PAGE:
Oct. 12, 2007 — Engineers are increasingly being called upon to solve the world’s problems — as the globe’s traditional energy sources become depleted, water resources need improvement and a growing elderly population encounter unique challenges. As a result, today’s engineering students need a truly global education, complete with rich and diverse international experiences, like never before.
Thanks to a new initiative in the University of Virginia School of Engineering and Applied Science, U.Va.’s engineering students will soon have just that. Established this fall, a Engineering School International Programs Office will identify and create study abroad and internship programs specially designed for U.Va. engineers. Led by Dana M. Elzey, the school’s director of international programs and an associate professor of materials science and engineering, the Engineering School International Programs Office will collaborate with the University’s International Studies Office to enable more engineering students to enhance their education with an international experience.
“Every U.Va. engineer should have an international experience,” says Engineering School Dean James H. Aylor. “It is essential that we provide international study options to our students so that they have an understanding of the global impact of the solutions they develop as working engineers.”
While the school has steadily increased its overseas offerings in the last decade — including partnerships and exchange programs with multiple universities in China, an ongoing Cognitive Systems Engineering Exchange Program in Brazil, several independent and sponsored student projects throughout South Africa and more — it has traditionally proven difficult for engineering students, with especially rigorous curricula and a highly defined sequence of courses, to study abroad.
In a survey of 20 percent of Engineering School students last spring, 2007 U.Va. graduates and capstone teammates Emily Ewell, Allison Hastings, Louise Montgomery and Marta Morales found that while 85 percent of undergraduate engineers would like to have an international experience, 74 percent think such an experience is impossible for them to achieve, and only 1 percent actually do study abroad. In short, engineering students want to study abroad — with the reported goals of cultural awareness and perspective, travel, personal growth, educational growth and perspective, and professional development — but have not in the past due to perceived obstacles.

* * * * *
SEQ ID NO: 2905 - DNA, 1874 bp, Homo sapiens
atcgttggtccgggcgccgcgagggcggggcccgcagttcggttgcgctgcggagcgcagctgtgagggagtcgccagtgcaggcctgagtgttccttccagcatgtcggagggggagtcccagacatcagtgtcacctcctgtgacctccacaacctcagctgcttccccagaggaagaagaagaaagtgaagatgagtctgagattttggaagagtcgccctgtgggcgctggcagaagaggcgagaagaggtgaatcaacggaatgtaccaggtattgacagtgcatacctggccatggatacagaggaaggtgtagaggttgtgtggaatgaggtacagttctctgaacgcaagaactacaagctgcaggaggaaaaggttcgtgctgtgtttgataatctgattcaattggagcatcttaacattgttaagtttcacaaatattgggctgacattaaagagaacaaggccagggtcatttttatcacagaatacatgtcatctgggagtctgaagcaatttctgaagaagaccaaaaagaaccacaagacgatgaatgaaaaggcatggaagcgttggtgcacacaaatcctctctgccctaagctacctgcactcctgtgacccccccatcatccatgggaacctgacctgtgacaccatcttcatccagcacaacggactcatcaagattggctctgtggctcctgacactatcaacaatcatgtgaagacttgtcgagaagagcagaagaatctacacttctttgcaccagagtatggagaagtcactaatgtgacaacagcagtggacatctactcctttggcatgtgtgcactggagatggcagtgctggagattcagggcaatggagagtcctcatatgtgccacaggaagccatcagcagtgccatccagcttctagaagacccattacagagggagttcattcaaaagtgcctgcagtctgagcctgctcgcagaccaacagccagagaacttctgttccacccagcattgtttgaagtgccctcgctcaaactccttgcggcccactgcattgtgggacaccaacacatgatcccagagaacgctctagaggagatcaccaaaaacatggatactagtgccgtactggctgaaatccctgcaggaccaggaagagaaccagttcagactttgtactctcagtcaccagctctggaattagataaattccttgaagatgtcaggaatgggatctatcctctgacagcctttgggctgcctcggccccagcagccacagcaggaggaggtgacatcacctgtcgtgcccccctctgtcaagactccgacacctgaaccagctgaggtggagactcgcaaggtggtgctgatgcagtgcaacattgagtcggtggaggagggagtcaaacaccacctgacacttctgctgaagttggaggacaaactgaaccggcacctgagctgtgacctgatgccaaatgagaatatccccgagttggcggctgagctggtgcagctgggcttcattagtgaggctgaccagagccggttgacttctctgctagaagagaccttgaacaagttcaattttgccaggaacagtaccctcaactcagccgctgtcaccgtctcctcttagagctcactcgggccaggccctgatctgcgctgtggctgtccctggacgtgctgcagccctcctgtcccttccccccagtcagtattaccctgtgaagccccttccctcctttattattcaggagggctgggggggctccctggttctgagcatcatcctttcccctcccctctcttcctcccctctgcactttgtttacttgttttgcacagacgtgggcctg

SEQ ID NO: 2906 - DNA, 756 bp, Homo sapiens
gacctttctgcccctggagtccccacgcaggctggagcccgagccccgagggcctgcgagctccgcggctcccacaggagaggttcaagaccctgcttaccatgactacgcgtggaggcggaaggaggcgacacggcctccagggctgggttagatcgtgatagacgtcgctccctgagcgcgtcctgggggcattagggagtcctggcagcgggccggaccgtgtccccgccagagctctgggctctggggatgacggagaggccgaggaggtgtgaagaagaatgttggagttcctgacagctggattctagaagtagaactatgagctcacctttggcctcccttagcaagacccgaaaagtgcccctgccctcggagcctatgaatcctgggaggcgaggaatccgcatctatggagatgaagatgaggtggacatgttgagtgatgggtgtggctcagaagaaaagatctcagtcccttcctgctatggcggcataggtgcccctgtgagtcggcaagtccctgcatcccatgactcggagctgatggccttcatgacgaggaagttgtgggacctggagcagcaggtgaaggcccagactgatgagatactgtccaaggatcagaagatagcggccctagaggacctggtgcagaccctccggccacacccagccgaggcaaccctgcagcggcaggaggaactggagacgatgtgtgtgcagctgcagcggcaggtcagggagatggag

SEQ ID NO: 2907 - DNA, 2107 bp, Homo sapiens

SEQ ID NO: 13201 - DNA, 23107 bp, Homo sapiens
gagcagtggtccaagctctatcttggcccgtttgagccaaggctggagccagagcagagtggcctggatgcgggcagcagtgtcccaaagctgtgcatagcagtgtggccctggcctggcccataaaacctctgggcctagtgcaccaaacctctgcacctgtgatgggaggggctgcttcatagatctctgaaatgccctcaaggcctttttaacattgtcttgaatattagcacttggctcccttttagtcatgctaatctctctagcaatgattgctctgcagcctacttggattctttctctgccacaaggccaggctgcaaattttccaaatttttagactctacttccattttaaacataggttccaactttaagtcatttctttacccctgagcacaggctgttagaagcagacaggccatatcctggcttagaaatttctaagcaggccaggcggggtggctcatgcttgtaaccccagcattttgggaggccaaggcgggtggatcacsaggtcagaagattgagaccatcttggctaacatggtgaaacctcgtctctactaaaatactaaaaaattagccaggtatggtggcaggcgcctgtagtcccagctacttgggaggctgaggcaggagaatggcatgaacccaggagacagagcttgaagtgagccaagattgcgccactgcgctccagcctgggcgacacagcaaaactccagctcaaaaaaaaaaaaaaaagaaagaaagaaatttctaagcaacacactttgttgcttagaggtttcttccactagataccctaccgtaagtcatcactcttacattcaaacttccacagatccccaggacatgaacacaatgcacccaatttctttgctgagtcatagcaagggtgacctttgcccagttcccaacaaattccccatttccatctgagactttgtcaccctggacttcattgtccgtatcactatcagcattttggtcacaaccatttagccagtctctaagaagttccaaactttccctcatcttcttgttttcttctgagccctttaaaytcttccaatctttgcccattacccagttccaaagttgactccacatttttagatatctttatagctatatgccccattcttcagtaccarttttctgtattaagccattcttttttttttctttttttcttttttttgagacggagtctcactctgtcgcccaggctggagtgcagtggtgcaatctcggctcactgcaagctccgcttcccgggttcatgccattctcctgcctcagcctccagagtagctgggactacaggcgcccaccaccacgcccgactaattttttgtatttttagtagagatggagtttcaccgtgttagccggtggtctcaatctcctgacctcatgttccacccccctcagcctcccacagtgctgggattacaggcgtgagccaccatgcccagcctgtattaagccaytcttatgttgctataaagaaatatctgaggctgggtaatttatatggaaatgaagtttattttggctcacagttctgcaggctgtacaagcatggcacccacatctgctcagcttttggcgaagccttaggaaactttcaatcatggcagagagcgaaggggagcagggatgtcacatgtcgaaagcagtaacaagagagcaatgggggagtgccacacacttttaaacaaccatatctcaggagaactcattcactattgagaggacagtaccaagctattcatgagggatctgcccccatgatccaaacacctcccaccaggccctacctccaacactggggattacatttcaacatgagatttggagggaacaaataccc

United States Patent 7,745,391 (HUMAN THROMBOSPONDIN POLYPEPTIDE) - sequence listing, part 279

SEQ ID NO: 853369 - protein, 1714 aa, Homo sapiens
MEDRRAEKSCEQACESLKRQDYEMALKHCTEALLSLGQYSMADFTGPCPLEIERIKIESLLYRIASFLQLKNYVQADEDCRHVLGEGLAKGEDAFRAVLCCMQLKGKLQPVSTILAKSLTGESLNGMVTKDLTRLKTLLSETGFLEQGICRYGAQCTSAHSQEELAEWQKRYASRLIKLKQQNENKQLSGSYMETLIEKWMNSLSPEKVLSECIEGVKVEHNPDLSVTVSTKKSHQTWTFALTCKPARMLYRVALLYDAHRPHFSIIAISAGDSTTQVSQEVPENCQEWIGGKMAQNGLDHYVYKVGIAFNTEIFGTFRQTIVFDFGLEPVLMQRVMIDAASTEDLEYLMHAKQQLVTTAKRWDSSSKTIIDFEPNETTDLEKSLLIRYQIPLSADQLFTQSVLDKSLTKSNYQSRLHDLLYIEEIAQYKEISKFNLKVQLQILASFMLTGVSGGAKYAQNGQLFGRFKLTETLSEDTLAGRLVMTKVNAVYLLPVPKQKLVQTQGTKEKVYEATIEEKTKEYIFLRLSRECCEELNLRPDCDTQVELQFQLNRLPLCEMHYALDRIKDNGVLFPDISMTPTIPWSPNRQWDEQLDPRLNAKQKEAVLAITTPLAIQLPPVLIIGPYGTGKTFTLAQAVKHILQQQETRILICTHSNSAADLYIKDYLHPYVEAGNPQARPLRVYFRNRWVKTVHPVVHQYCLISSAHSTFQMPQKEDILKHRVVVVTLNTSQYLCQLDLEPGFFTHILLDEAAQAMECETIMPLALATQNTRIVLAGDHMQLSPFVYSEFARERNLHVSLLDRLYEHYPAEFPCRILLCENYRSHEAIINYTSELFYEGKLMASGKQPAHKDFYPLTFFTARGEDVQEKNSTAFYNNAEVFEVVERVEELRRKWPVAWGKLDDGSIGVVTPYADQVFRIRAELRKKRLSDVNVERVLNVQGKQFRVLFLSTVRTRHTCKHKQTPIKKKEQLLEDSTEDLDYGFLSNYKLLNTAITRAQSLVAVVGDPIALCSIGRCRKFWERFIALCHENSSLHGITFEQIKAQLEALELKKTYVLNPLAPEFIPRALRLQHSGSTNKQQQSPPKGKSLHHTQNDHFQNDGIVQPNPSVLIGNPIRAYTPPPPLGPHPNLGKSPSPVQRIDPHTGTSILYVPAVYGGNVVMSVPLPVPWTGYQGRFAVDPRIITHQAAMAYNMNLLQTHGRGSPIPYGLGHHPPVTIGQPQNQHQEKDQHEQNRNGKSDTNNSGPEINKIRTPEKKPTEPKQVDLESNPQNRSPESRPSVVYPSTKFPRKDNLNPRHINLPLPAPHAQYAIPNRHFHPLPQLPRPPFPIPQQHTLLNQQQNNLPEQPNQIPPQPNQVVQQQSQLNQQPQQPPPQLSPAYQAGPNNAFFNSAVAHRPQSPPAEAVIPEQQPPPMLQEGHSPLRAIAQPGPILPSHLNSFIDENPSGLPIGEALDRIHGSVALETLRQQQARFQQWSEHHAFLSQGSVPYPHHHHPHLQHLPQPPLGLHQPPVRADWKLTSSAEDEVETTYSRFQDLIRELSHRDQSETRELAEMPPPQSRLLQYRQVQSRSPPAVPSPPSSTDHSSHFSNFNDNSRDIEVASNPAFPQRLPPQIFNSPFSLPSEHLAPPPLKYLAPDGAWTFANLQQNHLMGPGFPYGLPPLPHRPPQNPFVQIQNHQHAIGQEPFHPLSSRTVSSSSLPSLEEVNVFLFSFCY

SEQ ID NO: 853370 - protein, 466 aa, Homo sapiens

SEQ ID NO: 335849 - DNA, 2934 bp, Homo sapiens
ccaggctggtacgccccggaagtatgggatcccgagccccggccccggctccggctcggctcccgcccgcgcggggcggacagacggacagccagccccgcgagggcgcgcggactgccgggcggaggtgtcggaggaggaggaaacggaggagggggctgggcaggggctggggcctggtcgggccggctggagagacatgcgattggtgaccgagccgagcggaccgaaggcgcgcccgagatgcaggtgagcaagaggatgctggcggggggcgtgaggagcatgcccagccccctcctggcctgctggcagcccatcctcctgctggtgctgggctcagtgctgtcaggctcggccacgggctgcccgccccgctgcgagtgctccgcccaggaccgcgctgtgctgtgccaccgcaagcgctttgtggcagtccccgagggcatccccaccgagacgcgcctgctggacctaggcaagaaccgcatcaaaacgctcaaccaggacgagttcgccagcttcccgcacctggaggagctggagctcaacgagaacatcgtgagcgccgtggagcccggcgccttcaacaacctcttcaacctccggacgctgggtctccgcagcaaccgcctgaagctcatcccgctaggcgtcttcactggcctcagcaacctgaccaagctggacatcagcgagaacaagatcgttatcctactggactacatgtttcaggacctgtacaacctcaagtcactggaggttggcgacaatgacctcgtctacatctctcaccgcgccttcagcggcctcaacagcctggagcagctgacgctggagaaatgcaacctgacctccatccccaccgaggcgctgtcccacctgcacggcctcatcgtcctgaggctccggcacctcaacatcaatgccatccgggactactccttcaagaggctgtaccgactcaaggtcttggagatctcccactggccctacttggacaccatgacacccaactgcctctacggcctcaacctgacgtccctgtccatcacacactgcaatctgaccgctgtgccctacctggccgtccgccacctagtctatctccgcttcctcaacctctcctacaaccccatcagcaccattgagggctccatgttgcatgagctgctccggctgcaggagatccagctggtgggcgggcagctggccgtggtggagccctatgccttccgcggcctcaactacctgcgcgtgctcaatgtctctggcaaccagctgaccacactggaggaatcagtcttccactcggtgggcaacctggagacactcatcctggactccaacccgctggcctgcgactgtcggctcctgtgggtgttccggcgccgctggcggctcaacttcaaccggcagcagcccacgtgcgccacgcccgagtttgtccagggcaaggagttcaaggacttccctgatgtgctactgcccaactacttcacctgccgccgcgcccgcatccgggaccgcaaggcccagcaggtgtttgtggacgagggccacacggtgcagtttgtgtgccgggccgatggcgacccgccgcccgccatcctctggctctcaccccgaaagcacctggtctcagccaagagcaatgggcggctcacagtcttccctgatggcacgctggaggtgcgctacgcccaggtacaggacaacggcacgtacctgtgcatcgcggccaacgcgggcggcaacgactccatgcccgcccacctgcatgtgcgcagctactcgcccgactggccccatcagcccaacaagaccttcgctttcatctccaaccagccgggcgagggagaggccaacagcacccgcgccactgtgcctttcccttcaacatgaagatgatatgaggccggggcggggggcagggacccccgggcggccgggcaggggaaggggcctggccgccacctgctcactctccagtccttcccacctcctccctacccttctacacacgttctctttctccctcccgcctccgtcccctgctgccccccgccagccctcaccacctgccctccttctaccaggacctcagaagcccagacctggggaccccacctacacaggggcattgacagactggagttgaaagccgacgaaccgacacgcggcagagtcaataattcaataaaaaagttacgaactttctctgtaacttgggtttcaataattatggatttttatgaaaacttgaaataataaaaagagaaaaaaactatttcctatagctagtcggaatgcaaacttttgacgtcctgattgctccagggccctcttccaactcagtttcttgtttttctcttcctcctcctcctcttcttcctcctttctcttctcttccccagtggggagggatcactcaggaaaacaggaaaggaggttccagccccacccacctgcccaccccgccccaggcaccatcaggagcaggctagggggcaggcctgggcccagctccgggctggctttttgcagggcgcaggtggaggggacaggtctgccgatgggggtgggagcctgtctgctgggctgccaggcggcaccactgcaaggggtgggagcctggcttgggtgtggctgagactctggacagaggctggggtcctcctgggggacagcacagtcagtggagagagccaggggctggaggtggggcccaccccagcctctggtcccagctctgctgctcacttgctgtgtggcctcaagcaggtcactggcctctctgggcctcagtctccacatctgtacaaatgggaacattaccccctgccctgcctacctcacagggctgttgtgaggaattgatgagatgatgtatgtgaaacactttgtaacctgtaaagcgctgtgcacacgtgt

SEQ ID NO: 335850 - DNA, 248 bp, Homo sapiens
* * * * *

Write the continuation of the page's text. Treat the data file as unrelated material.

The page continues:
Thanks to the students’ capstone project, which culminated in the creation of an online Curricular Design Tool, U.Va. Engineering students will now encounter one less major obstacle. Now offered through the Engineering School International Programs Office, the tool is an Internet database of all possible study abroad opportunities that works in concert with engineering degree requirements. The database allows engineering students to select their major and class year, enter the maximum number of credits they are willing to take in any given semester and check off the courses they have already taken. Then, the student simply hits the submit button, and a schedule of his or her classes — incorporating a semester abroad — appears, taking guesswork and undue frustration out of the equation.
Elzey, who recently led a summer “Engineering in a Global Context” course for Engineering School students in Germany, says innovative offerings like the Curricular Design Tool are critical to making international study as widespread and worthwhile as possible for engineeering students.
“There is something wonderful that happens when you find yourself in unfamiliar territory and you have a new language to learn or a new culture to understand,” Elzey says. “You grow and change in ways that may be difficult to predict but that are unforgettable.”
Check out the Engineering School Curricular Design Tool at www.seas.virginia.edu/studyabroad.
About the University of Virginia School of Engineering and Applied Science
Founded in 1836, the University of Virginia School of Engineering and Applied Science combines research and educational opportunities at the undergraduate and graduate levels. Within the undergraduate programs, courses in engineering, ethics, mathematics, the sciences and the humanities are available to build a strong foundation for careers in engineering and other professions. Its abundant research opportunities complement the curriculum and educate young men and women to become thoughtful leaders in technology and society. At the graduate level, the Engineering School collaborates with the University’s highly ranked medical and business schools on interdisciplinary research projects and entrepreneurial initiatives. With a distinguished faculty and a student body of 2,000 undergraduates and 650 graduate students, the Engineering School offers an array of engineering disciplines, including cutting-edge research programs in computer and information science and engineering, bioengineering and nanotechnology. For more information, visit www.seas.virginia.edu.